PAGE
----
In our study, hospitals with higher volume (those performing > 17 primary angioplasties per year) had significantly lower mortality rates with primary angioplasty than with thrombolysis (3.9% vs. 5.8%; P <0.001). From our data, we cannot estimate a time to equipoise at the higher-volume institutions, because the mortality rates with the primary angioplasty and thrombolytic therapy were not similar. However, we agree with Kent and coauthors that higher-volume institutions probably have a time to equipoise that is substantially longer than that for low-volume hospitals.

Estimating the Right Time

So what should clinicians do when facing a choice between thrombolysis and primary angioplasty? First, because more than 25% of patients with myocardial infarction who are eligible do not receive reperfusion therapy, (3) efforts to increase the use of either therapy should be the priority. If angioplasty is an option, we suggest that patient characteristics be considered next (Figure 1). Primary angioplasty is the best option for patients with cardiogenic shock or with a contraindication to thrombolytic therapy. Alternatively, thrombolysis may be preferred for patients with diminished renal function or severe allergy to intravenous contrast dye.

Treatment times for primary angioplasty and thrombolysis should be considered next. The absolute time threshold for the difference in treatment times that would favor thrombolysis remains unknown, but the guidelines of the American College of Cardiology and American Heart Association for percutaneous coronary intervention provide some direction. (11) These guidelines suggest that the maximum door-to-balloon time acceptable for primary angioplasty is 120 minutes. Given that the recommended treatment time for thrombolysis is 30 minutes, this suggests an acceptable difference in treatment times of up to 90 minutes. Again, acceptable differences in treatment times may vary according to institutional procedural volume; that is, the acceptable time may be shorter at lower-volume centers and longer at higher-volume centers. For cases in which all other factors are equal and the likely difference in treatment time is less than 90 minutes, primary angioplasty should be considered as the reperfusion option of choice.

This discussion has focused on mortality, but nonfatal outcomes are also important considerations in selecting a reperfusion therapy. For example, hemorrhagic stroke is more common with thrombolytic therapy (with approximately one additional nonfatal stroke for every 200 patients treated with thrombolysis instead of primary angioplasty). (3) In addition, because initial reperfusion rates are lower with thrombolytic therapy, patients who receive thrombolysis are more likely to require subsequent revascularizations. On the other hand, successful thrombolysis may obviate the need for an invasive procedure with its attendant risks.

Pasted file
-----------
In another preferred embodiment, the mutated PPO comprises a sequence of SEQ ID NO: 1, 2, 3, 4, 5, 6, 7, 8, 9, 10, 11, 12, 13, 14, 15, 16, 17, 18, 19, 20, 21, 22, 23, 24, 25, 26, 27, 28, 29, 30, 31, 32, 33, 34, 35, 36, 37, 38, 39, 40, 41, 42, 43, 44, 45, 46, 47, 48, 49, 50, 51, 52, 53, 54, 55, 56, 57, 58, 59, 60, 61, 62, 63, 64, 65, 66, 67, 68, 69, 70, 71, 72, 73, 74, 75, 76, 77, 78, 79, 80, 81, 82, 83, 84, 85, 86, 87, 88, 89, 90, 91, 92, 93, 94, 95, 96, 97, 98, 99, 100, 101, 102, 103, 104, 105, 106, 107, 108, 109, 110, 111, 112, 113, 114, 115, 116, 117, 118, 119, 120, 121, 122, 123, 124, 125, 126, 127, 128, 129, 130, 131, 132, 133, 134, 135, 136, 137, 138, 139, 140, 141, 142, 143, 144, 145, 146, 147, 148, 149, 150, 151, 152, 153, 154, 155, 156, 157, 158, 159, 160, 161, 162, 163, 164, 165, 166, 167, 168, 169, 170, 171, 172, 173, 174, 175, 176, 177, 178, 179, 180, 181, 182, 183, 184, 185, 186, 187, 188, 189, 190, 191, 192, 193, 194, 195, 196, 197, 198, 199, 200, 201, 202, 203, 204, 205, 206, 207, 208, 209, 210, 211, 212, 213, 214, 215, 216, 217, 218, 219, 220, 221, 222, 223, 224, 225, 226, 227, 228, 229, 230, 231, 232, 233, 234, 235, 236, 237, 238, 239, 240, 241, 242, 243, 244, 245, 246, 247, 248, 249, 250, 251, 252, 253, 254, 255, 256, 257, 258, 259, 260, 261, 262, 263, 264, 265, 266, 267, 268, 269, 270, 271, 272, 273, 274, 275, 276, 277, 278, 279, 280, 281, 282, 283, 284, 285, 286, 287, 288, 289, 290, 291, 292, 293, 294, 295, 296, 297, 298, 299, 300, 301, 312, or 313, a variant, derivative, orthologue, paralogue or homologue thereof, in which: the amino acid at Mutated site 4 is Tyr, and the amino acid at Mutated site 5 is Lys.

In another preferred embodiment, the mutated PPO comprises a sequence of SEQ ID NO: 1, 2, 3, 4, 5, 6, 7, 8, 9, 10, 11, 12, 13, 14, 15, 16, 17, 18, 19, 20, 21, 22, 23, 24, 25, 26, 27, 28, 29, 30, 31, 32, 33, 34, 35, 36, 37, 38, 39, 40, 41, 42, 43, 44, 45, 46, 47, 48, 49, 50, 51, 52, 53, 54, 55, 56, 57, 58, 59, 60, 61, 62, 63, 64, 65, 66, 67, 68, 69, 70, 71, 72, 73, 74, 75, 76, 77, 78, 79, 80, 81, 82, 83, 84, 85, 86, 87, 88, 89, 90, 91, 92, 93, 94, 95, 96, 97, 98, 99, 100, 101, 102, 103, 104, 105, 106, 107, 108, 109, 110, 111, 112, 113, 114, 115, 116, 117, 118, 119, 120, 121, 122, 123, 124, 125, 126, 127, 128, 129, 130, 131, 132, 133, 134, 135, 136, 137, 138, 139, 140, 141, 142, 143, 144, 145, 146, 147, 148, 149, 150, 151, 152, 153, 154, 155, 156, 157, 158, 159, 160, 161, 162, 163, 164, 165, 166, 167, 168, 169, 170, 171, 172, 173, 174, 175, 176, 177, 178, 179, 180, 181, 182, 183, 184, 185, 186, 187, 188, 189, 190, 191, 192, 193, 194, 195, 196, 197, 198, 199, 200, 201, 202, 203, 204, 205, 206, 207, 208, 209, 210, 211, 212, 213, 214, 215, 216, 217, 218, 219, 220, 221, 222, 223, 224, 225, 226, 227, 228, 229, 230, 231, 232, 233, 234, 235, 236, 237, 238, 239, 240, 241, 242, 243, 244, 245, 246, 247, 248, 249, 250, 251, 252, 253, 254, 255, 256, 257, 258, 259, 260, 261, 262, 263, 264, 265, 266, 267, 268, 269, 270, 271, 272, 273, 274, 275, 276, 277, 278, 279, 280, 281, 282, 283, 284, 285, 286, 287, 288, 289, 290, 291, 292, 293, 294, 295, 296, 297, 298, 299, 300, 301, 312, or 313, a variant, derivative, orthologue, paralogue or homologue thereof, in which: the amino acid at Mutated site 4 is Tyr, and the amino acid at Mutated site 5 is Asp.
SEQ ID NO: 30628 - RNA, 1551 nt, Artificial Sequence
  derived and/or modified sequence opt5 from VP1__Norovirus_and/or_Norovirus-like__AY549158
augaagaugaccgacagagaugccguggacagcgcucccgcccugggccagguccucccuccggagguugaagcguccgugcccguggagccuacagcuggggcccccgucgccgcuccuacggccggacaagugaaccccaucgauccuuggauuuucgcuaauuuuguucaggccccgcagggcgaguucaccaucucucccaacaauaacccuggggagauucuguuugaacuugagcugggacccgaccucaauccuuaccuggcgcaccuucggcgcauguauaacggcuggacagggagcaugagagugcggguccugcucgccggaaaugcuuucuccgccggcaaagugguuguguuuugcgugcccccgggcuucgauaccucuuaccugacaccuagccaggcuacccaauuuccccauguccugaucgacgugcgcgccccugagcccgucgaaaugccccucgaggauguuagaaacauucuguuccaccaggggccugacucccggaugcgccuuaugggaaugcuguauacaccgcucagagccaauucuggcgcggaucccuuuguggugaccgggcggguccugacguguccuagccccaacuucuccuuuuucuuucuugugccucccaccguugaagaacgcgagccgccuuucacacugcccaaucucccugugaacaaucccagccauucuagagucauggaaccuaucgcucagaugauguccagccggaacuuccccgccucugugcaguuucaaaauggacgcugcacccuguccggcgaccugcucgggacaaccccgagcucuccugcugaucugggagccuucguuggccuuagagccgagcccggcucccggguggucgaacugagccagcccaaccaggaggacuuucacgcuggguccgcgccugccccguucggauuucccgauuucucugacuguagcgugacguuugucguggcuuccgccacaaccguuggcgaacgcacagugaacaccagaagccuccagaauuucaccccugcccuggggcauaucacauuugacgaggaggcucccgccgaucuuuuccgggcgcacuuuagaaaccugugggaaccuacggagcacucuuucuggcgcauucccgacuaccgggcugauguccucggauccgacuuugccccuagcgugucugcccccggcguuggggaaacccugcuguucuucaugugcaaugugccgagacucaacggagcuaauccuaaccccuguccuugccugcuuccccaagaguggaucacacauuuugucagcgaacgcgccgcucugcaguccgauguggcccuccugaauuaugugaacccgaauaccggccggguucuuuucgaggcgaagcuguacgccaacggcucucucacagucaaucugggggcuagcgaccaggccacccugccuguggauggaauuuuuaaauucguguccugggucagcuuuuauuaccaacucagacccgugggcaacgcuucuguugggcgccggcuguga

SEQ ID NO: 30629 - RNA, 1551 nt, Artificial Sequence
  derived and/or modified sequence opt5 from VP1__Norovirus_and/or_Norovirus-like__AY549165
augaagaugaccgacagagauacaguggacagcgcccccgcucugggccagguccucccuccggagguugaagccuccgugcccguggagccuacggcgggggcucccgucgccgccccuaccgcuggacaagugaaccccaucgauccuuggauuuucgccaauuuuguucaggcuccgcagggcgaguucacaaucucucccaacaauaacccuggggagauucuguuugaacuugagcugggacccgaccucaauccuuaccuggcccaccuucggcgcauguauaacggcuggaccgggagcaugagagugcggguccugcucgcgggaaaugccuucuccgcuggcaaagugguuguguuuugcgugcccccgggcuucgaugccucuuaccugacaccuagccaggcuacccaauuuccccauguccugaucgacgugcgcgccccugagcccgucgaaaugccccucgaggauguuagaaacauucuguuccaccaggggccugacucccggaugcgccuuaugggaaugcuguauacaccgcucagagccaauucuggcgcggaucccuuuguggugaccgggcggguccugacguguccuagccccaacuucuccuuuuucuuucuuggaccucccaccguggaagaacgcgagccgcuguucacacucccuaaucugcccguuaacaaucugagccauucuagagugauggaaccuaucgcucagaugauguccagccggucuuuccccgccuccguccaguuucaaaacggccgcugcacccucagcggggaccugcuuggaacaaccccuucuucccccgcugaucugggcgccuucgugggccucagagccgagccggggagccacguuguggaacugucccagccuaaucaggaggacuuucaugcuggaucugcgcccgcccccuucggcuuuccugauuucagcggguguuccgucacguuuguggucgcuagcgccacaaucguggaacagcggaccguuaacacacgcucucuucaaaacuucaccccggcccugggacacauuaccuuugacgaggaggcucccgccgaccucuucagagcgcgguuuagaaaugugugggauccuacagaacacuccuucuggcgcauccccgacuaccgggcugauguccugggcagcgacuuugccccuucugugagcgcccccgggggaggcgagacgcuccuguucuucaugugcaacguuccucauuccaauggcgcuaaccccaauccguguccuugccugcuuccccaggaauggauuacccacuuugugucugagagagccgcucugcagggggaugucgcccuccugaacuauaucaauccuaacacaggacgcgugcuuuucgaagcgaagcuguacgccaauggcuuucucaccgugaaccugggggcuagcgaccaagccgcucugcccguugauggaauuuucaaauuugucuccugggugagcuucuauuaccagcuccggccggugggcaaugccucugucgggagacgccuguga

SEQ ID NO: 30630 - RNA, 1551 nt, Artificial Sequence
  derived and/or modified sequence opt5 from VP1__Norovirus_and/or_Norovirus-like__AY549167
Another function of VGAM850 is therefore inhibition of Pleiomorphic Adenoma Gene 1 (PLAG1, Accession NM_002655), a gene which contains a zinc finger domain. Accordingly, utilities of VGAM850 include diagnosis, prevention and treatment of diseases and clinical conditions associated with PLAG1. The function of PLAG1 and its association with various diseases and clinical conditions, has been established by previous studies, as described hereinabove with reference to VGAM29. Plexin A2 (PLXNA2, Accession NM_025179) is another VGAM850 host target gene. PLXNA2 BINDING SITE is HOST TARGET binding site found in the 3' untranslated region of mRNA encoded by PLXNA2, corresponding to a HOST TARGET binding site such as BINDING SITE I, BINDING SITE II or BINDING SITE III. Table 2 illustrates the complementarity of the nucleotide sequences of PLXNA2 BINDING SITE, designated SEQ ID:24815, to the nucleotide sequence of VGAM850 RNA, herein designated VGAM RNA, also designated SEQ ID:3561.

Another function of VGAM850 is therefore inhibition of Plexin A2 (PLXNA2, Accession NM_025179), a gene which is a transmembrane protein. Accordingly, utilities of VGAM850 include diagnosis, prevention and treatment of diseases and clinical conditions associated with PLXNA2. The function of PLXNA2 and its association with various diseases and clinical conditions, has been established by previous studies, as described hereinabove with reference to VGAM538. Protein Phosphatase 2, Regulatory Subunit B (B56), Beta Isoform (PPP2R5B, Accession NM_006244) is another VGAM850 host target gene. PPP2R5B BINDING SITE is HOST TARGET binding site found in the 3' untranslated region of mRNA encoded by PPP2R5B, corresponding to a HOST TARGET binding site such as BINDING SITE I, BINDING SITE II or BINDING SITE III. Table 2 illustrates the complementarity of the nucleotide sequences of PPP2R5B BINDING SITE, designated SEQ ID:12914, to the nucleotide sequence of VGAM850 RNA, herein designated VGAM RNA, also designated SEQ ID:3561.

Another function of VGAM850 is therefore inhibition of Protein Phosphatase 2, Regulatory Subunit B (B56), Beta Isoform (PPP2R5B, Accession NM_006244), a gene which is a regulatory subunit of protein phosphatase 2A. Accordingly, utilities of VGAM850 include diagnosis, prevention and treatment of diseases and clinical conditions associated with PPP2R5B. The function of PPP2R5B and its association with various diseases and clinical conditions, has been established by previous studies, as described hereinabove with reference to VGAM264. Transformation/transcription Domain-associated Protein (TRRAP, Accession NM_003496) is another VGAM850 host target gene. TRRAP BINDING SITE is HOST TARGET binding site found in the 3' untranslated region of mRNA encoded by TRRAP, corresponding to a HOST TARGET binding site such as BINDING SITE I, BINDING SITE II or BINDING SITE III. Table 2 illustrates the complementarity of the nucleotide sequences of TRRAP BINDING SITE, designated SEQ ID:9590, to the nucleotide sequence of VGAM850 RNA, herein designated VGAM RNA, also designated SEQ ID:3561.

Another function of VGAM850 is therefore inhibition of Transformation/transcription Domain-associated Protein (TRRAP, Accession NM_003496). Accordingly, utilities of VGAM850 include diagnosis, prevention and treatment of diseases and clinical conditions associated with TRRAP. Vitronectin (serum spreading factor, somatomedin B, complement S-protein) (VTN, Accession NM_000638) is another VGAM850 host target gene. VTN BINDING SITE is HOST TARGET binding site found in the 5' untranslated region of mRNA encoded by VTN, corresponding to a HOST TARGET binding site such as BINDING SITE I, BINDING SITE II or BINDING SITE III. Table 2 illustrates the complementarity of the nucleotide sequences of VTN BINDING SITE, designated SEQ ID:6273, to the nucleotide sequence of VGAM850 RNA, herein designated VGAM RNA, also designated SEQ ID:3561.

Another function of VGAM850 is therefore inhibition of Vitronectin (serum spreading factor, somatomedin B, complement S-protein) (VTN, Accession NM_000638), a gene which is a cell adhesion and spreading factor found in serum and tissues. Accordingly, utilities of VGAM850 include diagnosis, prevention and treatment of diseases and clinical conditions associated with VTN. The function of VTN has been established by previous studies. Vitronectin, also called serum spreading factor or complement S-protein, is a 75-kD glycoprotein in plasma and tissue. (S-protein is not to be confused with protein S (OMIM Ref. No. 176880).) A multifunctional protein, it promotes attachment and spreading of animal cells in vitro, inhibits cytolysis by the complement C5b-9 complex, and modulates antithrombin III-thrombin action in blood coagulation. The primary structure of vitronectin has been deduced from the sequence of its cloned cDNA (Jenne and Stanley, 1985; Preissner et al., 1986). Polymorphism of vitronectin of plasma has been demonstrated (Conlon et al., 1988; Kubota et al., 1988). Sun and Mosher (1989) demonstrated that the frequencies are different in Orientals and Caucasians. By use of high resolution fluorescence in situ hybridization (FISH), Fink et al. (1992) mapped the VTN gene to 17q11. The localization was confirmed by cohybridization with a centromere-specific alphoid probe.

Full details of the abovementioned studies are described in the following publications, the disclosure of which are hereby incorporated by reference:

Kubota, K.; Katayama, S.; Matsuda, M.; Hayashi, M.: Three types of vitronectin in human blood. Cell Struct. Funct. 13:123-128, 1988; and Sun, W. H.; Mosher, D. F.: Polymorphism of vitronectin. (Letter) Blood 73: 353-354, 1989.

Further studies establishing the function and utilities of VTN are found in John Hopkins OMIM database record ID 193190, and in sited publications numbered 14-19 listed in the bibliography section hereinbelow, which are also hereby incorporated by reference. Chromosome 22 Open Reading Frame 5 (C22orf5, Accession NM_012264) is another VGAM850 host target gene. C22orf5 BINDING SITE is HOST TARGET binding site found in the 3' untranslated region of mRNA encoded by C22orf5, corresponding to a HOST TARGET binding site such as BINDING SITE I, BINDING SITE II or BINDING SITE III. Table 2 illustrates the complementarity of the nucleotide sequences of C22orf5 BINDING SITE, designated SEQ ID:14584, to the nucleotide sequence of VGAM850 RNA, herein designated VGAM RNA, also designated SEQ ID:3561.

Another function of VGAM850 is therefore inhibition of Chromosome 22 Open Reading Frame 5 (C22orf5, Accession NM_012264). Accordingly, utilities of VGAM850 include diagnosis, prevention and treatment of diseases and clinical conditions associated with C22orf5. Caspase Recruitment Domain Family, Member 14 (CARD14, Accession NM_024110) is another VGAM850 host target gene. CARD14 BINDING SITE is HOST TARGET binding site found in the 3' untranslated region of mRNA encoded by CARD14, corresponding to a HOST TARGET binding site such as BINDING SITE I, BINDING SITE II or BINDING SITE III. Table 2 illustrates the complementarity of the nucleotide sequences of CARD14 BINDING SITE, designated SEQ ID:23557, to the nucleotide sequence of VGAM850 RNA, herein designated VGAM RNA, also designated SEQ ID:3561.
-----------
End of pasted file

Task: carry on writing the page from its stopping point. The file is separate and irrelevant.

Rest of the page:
In the future, primary angioplasty and thrombolytic therapy may be combined (so-called "facilitated" percutaneous coronary intervention), reducing the need to choose between therapies. In this case, thrombolysis could be initiated and followed by percutaneous coronary intervention, providing greater options regarding time delay and transfer.


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7. Zahn R, Schiele R, Schneider S, et al. Decreasing hospital mortality between 1994 and 1998 in patients with acute myocardial infarction treated with primary angioplasty but not in patients treated with intravenous thrombolysis. Results from the pooled data of the Maximal Individual Therapy in Acute Myocardial Infarction (MITRA) Registry and the Myocardial Infarction Registry (MIR). J Am Coll Cardiol. 2000;36:2064-71.

8. Cannon CP, Gibson CM, Lambrew CT, et al. Relationship of symptom-onset-to-balloon time and door-to-balloon time with mortality in patients undergoing angioplasty for acute myocardial infarction. JAMA. 2000;283:2941-7.

9. Canto JG, Every NR, Magid DJ, et al. The volume of primary angioplasty procedures and survival after acute myocardial infarction. National Registry of Myocardial Infarction 2 Investigators. N Engl J Med. 2000;342:1573-80.

10. Ryan TJ, Antman EM, Brooks NH, et al. 1999 update: ACC/AHA Guidelines for the Management of Patients With Acute Myocardial Infarction: Executive Summary and Recommendations: A report of the American College of Cardiology/American Heart Association Task Force on Practice Guidelines (Committee on Management of Acute Myocardial Infarction). Circulation. 1999;100:1016-30.

11. Smith SC Jr, Dove JT, Jacobs AK, et al. ACC/AHA guidelines of percutaneous coronary interventions (revision of the 1993 PTCA guidelines)-executive summary. A report of the American College of Cardiology/American Heart Association Task Force on Practice Guidelines (committee to revise the 1993 guidelines for percutaneous transluminal coronary angioplasty). J Am Coll Cardiol. 2001;37:2215-38.


David J. Magid, MD, MPH, Colorado Permanente Clinical Research Unit, 10350 E. Dakota Ave., Denver, CO 80231; telephone: 303-344-7451; fax: 303-344-7301; e-mail: David.J.